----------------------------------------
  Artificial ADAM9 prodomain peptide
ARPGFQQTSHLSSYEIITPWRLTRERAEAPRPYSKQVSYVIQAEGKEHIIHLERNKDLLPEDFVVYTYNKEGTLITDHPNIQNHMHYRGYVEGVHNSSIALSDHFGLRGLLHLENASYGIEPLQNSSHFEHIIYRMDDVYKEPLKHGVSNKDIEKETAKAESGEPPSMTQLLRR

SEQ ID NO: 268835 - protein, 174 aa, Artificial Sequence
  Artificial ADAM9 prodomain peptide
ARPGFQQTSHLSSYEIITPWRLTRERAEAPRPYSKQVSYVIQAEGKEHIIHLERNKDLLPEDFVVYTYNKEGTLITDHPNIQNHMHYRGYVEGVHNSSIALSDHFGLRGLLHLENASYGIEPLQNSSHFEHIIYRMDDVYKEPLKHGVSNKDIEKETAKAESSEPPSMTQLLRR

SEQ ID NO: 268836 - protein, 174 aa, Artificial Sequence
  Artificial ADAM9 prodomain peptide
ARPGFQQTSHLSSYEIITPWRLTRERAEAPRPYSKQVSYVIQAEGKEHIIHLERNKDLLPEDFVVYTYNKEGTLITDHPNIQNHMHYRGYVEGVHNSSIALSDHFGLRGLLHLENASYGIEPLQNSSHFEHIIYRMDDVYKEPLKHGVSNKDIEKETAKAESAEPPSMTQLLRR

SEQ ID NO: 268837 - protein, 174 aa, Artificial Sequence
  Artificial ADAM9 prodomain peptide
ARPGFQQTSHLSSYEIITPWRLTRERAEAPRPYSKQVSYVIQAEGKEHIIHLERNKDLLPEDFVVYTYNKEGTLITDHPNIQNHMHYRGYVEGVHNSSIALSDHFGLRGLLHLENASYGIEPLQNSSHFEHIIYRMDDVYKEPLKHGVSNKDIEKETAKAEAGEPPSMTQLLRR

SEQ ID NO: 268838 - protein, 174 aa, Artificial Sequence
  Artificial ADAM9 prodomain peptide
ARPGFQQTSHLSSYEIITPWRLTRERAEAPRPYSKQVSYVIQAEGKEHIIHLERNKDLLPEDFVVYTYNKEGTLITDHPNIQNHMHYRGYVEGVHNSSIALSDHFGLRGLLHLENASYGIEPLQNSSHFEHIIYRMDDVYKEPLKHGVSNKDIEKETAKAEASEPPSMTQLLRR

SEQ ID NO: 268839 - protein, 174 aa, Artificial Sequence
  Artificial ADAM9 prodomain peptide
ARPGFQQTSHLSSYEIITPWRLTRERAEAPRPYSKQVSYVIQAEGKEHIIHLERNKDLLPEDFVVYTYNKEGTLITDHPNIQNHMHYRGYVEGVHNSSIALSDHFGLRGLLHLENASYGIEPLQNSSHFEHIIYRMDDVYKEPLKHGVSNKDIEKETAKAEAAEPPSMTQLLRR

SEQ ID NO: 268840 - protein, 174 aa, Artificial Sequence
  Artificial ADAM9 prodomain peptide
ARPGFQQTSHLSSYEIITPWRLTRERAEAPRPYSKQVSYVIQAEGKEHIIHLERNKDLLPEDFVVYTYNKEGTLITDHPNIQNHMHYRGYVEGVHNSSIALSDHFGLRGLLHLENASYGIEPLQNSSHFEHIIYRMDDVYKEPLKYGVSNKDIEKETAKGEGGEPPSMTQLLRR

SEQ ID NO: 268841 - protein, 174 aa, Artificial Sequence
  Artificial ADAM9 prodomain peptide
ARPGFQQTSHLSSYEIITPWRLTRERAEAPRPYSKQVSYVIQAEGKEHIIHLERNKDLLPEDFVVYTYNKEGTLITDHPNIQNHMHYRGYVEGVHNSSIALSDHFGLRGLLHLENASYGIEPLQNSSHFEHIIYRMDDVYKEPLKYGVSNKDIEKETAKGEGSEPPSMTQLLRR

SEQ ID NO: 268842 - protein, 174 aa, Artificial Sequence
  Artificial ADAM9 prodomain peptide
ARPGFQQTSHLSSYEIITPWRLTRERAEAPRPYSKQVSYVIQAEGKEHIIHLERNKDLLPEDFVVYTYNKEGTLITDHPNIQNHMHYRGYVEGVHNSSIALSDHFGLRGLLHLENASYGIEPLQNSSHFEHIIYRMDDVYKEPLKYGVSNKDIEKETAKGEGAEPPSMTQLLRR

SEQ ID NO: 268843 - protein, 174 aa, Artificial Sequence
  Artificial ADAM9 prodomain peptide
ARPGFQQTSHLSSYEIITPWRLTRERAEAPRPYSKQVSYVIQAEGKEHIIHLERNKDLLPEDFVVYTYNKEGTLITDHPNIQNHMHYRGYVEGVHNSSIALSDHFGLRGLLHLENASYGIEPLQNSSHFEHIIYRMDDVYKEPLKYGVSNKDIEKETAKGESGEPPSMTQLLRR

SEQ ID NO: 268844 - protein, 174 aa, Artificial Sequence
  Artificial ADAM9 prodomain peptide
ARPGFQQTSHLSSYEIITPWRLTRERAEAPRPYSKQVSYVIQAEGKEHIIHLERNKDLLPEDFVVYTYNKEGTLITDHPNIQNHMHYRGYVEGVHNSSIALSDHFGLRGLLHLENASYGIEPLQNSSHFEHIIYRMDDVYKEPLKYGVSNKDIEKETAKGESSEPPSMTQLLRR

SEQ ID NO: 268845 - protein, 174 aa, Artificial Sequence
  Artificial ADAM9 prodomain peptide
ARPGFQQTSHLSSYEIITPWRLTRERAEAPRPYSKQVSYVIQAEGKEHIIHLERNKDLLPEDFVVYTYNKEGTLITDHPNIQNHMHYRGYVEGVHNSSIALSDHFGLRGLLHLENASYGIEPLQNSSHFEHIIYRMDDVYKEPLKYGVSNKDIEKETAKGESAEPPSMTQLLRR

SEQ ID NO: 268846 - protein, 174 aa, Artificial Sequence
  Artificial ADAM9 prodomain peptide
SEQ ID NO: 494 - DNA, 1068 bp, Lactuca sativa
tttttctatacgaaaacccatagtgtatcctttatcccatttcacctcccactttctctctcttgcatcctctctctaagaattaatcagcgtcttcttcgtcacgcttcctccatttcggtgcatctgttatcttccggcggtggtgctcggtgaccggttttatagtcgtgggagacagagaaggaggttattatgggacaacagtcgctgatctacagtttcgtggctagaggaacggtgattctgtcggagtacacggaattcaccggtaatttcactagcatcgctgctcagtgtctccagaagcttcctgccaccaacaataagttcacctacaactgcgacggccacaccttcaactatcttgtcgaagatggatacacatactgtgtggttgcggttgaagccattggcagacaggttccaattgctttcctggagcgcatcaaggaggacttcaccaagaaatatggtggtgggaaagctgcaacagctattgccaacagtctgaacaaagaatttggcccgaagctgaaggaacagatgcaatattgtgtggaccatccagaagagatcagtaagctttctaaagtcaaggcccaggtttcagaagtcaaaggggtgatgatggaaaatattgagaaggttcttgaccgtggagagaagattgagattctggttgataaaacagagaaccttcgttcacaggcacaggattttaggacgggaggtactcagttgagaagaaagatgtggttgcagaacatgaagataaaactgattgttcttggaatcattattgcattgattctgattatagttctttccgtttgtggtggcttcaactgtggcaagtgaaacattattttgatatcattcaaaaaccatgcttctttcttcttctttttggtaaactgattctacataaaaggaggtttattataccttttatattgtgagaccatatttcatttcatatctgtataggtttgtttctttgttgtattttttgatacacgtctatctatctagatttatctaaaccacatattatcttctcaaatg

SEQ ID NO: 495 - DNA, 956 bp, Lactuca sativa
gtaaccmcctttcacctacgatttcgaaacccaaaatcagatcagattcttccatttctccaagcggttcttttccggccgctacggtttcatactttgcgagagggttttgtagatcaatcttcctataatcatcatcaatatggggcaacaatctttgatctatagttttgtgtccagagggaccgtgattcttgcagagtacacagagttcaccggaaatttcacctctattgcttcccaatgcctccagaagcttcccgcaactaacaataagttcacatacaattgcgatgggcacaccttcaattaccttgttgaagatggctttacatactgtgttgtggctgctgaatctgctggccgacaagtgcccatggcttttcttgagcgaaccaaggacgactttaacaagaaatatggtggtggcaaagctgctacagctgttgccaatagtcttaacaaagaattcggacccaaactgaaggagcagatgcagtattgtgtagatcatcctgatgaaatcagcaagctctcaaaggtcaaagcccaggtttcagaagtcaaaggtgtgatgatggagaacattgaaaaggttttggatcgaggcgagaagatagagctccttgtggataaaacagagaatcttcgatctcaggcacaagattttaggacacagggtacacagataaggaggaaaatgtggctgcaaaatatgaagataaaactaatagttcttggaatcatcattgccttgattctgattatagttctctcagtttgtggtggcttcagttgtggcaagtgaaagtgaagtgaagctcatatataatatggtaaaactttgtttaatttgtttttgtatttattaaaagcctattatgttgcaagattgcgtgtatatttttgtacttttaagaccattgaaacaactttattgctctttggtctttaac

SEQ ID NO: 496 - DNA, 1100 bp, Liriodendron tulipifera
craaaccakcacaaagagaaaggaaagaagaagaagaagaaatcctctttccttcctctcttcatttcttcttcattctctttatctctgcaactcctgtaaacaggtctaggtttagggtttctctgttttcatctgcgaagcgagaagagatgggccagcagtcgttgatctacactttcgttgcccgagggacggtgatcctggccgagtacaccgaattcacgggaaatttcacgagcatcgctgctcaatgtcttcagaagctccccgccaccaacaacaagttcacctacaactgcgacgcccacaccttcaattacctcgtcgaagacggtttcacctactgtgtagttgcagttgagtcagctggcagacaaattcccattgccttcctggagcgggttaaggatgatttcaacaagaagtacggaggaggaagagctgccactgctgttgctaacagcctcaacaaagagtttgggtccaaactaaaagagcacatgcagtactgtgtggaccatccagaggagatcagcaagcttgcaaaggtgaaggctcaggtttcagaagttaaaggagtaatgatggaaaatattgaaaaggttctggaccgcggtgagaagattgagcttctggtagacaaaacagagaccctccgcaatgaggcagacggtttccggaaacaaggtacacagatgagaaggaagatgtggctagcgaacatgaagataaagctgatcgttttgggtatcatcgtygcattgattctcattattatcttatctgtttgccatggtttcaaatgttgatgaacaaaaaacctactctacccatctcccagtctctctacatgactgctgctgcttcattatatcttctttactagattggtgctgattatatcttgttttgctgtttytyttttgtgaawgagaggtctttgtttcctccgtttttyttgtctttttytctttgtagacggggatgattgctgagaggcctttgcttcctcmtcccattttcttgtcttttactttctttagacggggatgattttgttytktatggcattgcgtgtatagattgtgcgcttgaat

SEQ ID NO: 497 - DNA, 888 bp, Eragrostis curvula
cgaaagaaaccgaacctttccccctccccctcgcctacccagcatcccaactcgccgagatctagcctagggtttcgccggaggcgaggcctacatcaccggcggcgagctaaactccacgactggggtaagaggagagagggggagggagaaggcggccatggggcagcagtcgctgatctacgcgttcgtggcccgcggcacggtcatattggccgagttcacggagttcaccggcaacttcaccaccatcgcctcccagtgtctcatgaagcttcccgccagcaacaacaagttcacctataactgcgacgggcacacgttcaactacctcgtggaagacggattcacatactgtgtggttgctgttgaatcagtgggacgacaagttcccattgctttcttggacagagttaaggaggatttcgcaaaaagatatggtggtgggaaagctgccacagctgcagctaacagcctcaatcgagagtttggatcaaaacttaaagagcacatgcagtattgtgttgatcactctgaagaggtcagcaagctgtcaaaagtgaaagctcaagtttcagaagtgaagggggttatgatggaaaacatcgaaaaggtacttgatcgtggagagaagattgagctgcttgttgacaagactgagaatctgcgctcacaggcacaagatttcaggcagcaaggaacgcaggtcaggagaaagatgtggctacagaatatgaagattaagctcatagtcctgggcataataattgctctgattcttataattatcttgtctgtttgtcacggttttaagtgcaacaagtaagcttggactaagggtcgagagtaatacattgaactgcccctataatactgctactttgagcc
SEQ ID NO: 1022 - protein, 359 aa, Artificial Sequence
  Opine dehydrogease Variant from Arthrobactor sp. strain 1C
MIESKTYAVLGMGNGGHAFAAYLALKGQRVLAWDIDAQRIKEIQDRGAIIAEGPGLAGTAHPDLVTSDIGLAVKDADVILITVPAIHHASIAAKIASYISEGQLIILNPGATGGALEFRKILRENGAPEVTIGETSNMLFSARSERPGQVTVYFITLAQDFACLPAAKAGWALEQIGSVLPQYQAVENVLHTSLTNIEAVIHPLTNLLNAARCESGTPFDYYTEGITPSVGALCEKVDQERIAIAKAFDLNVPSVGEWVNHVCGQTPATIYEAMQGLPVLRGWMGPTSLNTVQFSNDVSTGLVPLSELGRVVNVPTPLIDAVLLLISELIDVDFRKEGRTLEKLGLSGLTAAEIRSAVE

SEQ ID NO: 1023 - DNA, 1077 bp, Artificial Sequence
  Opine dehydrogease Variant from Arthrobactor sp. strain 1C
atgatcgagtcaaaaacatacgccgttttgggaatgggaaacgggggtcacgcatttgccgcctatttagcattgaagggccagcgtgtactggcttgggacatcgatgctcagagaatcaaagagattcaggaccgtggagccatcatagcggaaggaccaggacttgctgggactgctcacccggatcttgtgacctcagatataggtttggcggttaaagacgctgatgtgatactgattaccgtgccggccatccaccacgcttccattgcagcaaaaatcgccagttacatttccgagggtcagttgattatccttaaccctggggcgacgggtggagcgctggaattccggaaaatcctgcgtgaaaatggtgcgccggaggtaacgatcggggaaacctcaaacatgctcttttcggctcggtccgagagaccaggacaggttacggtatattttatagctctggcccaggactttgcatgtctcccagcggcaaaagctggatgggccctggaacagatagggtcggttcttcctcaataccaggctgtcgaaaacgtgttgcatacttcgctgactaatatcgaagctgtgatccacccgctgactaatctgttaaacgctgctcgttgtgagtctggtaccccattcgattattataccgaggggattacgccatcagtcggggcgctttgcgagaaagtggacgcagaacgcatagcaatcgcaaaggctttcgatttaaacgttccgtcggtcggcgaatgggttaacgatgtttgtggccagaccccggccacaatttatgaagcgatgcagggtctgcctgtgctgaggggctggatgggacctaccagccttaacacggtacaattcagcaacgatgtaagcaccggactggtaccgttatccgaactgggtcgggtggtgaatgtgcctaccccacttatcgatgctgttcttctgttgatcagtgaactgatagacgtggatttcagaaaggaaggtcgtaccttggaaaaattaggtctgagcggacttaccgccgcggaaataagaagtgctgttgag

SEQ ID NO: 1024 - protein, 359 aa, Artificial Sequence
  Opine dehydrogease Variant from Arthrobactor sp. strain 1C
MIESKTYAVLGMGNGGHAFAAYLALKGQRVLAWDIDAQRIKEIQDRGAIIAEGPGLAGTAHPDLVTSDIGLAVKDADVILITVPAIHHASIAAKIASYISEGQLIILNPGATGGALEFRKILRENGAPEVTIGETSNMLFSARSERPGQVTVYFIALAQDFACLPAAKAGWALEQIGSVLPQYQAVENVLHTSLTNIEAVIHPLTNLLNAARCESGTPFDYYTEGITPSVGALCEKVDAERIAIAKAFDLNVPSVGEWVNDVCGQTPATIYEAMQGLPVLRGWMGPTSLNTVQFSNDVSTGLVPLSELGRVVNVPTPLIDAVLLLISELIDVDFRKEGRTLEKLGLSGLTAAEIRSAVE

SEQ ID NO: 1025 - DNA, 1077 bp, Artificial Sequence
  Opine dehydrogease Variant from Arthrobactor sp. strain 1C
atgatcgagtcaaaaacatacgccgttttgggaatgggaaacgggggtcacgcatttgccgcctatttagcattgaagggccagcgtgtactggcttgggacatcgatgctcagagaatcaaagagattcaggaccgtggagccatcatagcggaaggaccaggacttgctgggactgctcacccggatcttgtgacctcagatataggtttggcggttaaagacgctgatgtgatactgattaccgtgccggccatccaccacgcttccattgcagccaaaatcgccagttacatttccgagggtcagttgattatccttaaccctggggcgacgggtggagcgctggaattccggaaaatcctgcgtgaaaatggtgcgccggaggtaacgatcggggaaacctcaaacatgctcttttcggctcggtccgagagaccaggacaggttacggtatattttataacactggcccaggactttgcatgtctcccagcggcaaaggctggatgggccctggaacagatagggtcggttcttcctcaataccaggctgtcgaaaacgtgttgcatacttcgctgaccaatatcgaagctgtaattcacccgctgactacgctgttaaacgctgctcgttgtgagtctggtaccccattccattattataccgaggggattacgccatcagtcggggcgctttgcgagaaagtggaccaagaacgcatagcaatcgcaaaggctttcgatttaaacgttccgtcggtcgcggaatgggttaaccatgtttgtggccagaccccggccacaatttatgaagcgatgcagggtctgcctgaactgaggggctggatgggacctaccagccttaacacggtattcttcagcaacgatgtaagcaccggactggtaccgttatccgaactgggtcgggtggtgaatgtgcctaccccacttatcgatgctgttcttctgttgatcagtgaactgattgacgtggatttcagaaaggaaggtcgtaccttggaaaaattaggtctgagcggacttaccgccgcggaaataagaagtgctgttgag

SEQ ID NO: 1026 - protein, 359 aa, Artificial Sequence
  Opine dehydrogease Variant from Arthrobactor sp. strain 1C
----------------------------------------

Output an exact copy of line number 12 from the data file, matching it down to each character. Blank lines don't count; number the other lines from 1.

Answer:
SEQ ID NO: 268838 - protein, 174 aa, Artificial Sequence